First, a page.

y = y(x) which admits of continuous first order derivative and the end points of which (x1, y1) and (x2, y2) lie on the given curves y = φ(x) and y = ψ(x) respectively so that y1 = φ(x1) and y2 = ψ(x2), where y = φ(x) and y = ψ(x) are functions from the class C1[x1, x2]. Also, F is differentiable three times with respect to all its arguments.

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Medium 9781601323170

Session - Web Based Instruction, Online Systems and Methods, Distance Learning, Mobile Systems

Hamid R. Arabnia Azita Bahrami, Leonidas Deligiannidis, George Jandieri, Ashu M. G. Solo, and Fernando G. Tinetti CSREA Press PDF
Medium 9780253352415

Thirteen: Pressler at the Met: Beethoven’s Sonata Op. 110

William Brown Indiana University Press ePub

A Lecture Recital Presented at the
Grace Rainey Rogers Auditorium
The Metropolitan Museum of Art
New York City, New York

On one specific occasion at the Metropolitan Museum of Art, Pressler, ever the teacher, offered a lecture recital to the public, a setting in which he provided his audience with background about the piece he was to perform and the composer who wrote it. Then he worked through the piece, emphasizing areas that he especially wanted his audience to grasp. Pressler noted specific places that were of special significance and demonstrated how particular measures were to sound, explaining why they should be played and heard a certain way. In working through the piece, Pressler told the story behind or within the work, noted the mood(s) the composer was trying to convey, and then provided a brief analysis of the various musical, technical, practical, emotional, and often literary elements that worked organically to create the beauty and wonder of the music.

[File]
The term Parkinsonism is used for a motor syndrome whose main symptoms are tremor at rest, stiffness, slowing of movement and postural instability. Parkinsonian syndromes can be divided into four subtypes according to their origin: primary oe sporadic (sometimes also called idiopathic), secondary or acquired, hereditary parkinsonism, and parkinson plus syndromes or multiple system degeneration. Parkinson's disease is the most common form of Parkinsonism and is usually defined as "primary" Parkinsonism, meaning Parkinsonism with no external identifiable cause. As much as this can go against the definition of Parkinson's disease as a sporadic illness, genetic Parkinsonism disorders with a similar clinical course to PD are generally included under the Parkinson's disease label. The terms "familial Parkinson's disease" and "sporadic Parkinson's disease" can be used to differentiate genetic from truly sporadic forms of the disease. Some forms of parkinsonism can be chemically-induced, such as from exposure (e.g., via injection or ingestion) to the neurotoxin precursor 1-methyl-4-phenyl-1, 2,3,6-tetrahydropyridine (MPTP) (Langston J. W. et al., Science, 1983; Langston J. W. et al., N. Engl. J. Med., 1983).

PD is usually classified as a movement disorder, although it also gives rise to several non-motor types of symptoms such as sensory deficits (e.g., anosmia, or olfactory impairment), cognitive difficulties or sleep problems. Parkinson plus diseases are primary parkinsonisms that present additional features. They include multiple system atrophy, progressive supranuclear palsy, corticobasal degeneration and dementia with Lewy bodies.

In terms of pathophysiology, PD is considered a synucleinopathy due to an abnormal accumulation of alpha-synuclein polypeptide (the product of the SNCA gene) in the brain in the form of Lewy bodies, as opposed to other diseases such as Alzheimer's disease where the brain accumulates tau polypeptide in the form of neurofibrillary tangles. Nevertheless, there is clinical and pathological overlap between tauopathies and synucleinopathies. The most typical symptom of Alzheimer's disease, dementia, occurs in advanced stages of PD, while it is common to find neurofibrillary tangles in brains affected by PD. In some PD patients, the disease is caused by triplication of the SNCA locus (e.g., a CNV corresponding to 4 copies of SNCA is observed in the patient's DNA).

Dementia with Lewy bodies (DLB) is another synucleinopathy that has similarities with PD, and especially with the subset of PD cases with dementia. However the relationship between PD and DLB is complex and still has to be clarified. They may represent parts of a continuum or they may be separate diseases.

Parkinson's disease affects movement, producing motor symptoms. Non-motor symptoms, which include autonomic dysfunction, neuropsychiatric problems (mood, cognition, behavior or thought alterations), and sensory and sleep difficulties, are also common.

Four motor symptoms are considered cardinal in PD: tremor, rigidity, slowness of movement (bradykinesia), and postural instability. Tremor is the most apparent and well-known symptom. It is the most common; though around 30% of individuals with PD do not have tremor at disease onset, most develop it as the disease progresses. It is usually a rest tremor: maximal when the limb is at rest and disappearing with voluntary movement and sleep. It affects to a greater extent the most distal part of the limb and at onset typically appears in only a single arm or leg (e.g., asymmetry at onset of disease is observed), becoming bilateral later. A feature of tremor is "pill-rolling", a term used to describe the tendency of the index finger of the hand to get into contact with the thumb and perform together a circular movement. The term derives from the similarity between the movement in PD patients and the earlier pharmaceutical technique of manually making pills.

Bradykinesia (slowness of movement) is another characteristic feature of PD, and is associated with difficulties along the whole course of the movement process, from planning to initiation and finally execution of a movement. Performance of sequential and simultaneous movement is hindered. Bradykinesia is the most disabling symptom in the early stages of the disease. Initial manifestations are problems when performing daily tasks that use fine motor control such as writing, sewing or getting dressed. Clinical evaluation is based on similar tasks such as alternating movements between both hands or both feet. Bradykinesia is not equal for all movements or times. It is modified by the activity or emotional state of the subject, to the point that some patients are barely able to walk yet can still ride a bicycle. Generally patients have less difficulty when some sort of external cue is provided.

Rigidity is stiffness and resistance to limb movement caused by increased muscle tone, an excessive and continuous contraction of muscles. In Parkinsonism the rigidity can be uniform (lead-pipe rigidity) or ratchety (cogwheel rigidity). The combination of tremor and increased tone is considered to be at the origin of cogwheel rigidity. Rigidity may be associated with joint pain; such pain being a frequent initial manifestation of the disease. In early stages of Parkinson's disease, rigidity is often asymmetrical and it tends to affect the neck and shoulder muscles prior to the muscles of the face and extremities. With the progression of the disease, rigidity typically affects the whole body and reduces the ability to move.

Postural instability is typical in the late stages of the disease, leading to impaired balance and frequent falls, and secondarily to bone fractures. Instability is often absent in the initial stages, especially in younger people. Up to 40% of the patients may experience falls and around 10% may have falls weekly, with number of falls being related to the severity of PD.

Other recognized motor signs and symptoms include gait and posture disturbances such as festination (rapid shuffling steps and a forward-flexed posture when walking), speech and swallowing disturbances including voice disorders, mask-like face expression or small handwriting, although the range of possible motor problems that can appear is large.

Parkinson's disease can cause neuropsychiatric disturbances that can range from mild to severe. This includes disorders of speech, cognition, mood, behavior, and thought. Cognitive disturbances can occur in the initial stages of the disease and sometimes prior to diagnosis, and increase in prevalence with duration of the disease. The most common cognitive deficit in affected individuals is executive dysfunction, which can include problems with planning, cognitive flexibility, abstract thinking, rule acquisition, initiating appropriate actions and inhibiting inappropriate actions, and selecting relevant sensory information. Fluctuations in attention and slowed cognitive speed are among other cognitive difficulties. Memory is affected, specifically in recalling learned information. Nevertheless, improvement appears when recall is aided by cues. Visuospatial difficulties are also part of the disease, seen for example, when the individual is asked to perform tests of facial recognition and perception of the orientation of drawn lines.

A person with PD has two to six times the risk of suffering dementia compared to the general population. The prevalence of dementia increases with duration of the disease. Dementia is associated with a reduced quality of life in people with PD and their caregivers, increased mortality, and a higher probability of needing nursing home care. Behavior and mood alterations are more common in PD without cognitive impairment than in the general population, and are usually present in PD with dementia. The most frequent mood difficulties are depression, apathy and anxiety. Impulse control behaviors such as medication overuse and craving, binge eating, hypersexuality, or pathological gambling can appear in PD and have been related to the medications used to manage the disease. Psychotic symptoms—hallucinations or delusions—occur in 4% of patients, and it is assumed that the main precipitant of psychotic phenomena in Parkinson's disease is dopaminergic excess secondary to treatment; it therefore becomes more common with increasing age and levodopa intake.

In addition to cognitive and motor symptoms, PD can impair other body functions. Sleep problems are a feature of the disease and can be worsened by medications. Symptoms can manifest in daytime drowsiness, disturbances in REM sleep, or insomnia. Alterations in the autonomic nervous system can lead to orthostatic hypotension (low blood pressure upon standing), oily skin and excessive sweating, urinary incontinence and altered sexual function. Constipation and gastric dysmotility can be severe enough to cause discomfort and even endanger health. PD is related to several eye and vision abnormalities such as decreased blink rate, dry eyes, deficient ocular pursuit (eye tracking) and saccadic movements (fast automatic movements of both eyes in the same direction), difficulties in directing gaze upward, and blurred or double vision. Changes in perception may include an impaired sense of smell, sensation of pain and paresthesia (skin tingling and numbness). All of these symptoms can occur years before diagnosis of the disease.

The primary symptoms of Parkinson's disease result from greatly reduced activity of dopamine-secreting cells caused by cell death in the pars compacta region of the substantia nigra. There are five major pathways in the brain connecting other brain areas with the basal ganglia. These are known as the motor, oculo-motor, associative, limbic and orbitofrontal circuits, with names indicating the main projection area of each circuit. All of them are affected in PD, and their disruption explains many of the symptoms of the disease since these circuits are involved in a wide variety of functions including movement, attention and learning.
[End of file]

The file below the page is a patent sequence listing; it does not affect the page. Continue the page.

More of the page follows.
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Medium 9781601323583

SESSION Algorithms and Applications: Control Systems + Security and Related Issues

Hamid Arabnia, Leonidas Deligiannidis, George Jandieri CSREA Press PDF

Int'l Conf. Embedded Systems, Cyber-physical Systems, & Applications | ESCS'16 |






ISBN: 1-60132-433-2, CSREA Press ©



Int'l Conf. Embedded Systems, Cyber-physical Systems, & Applications | ESCS'16 |

ISBN: 1-60132-433-2, CSREA Press ©

Int'l Conf. Embedded Systems, Cyber-physical Systems, & Applications | ESCS'16 |


An Assessment of the Environmental Noise Effects on the

Performance of Configurable based ROPUFs